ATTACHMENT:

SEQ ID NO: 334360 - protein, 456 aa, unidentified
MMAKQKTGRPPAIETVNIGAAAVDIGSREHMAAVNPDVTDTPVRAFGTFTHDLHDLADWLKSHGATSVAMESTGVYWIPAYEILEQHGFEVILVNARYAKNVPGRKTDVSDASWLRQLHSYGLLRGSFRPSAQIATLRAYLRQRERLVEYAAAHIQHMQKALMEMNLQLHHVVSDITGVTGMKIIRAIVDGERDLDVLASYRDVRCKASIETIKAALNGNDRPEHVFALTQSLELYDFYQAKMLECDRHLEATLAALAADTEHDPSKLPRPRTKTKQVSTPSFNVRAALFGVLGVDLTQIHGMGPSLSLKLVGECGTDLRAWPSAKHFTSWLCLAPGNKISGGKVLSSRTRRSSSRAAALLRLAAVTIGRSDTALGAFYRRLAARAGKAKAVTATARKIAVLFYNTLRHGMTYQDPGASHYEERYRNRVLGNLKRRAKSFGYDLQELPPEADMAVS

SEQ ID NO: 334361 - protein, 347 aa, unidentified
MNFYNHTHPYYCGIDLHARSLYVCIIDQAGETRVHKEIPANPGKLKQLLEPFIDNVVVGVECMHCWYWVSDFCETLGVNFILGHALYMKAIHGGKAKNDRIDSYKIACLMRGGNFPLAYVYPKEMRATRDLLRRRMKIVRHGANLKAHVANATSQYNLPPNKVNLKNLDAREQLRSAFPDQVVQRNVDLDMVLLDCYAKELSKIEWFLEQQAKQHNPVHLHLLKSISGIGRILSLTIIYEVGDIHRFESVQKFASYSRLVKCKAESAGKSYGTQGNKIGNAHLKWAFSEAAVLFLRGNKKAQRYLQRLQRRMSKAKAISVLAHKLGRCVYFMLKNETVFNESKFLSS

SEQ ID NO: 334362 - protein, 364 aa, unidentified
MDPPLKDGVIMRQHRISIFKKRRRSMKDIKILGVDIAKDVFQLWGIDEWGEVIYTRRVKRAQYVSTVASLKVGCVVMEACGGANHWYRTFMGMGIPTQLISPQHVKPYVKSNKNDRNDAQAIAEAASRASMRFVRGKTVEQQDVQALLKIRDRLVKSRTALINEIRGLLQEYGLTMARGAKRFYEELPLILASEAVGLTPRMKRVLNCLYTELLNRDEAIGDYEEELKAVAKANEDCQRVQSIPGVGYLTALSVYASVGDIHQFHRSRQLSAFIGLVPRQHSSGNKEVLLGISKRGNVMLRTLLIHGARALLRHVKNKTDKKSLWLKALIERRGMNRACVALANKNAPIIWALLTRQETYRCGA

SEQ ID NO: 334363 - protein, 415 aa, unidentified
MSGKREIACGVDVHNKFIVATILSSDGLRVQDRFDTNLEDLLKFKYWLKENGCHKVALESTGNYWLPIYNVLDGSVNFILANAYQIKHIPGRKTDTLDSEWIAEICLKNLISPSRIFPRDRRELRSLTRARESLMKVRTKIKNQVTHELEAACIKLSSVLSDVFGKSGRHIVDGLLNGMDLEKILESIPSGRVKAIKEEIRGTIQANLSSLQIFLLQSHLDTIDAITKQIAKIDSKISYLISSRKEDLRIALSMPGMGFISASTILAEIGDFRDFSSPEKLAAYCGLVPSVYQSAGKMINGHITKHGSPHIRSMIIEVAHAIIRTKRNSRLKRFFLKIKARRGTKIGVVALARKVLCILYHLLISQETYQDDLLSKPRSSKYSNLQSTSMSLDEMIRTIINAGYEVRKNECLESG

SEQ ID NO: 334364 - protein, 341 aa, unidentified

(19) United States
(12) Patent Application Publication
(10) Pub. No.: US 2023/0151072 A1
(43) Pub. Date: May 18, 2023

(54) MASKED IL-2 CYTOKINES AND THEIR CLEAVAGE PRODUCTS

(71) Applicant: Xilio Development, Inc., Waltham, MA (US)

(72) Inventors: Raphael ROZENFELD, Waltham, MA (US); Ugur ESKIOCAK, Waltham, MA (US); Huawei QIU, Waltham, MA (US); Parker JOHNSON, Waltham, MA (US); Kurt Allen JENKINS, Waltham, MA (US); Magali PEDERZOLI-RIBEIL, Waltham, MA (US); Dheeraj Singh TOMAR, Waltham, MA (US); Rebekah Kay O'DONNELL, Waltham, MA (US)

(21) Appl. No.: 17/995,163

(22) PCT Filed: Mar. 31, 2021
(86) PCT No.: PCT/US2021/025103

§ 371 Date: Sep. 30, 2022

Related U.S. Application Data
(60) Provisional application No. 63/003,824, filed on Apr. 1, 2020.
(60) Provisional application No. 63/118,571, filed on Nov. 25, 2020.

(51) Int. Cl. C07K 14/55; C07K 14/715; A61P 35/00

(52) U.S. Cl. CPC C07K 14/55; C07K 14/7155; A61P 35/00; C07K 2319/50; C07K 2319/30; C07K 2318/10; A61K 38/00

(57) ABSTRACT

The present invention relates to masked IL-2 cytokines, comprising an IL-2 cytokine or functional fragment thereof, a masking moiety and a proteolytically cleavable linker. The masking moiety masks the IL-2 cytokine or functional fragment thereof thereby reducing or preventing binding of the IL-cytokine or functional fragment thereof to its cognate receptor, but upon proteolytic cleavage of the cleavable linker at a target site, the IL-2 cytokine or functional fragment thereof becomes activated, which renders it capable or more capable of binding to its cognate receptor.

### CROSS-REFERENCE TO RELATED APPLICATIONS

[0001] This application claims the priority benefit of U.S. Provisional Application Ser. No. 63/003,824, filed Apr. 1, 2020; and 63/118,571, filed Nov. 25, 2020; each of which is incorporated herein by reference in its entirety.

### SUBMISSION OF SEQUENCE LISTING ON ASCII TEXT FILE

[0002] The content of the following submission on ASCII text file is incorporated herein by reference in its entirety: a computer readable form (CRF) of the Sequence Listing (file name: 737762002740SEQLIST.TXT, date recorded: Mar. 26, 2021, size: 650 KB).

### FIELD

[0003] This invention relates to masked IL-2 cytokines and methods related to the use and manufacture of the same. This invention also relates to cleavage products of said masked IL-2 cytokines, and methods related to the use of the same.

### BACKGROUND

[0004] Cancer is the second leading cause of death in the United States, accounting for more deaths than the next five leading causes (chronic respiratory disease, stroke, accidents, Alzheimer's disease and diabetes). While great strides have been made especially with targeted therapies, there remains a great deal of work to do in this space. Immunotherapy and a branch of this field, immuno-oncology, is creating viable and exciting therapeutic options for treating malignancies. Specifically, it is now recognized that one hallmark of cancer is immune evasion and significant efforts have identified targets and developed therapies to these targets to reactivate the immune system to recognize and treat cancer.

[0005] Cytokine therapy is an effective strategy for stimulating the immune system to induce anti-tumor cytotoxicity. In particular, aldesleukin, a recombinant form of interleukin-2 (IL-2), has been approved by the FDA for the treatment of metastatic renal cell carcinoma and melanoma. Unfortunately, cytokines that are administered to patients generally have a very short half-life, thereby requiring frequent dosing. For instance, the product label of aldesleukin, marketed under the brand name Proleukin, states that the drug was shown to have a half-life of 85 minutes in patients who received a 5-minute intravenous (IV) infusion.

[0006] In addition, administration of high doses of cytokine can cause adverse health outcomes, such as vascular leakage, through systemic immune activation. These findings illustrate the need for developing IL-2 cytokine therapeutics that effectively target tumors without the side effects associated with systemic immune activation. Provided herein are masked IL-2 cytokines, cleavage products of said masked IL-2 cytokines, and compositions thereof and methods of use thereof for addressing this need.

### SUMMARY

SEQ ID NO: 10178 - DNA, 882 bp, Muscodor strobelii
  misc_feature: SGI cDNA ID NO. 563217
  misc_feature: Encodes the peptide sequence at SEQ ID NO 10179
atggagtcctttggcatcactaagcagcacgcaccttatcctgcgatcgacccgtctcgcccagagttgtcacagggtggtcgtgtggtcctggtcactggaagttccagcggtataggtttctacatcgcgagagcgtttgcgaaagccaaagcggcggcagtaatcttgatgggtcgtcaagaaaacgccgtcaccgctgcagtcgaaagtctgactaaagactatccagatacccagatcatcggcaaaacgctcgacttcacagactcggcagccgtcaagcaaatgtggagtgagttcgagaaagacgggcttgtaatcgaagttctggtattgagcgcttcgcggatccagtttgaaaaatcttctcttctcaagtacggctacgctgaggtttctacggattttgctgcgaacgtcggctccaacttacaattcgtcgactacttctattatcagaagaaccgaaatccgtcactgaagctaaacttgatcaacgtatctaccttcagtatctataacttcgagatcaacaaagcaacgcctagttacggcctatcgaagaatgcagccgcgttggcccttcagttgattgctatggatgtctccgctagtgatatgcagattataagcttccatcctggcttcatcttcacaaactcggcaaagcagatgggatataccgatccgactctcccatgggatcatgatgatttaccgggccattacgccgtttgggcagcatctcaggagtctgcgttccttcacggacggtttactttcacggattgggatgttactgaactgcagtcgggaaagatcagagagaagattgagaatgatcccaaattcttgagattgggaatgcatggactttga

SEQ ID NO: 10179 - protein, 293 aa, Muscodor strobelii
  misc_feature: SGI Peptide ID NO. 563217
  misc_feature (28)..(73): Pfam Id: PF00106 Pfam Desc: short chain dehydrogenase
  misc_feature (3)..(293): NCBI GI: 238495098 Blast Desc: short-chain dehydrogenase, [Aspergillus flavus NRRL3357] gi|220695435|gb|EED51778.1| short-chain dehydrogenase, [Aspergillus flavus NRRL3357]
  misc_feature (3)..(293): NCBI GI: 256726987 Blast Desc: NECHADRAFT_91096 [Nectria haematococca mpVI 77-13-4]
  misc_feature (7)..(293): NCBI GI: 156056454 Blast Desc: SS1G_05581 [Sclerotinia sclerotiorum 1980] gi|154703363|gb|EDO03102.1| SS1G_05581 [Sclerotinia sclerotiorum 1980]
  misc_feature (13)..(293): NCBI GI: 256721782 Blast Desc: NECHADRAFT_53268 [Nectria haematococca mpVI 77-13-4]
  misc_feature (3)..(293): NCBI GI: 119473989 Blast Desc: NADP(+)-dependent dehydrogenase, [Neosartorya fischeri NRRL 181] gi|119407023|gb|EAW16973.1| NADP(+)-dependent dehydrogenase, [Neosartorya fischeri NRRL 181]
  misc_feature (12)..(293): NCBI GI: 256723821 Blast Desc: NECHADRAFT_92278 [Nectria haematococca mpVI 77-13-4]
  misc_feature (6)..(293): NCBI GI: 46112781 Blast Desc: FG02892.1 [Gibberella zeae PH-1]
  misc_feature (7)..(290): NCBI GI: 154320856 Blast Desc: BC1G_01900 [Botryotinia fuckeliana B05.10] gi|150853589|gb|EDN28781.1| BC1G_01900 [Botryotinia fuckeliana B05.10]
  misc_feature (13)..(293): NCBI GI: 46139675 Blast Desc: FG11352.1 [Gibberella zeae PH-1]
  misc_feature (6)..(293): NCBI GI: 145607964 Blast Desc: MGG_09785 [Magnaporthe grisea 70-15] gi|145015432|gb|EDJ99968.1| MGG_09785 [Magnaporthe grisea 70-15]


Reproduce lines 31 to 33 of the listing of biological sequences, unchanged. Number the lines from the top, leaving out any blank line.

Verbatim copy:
[0002] The content of the following submission on ASCII text file is incorporated herein by reference in its entirety: a computer readable form (CRF) of the Sequence Listing (file name: 737762002740SEQLIST.TXT, date recorded: Mar. 26, 2021, size: 650 KB).

### FIELD

[0003] This invention relates to masked IL-2 cytokines and methods related to the use and manufacture of the same. This invention also relates to cleavage products of said masked IL-2 cytokines, and methods related to the use of the same.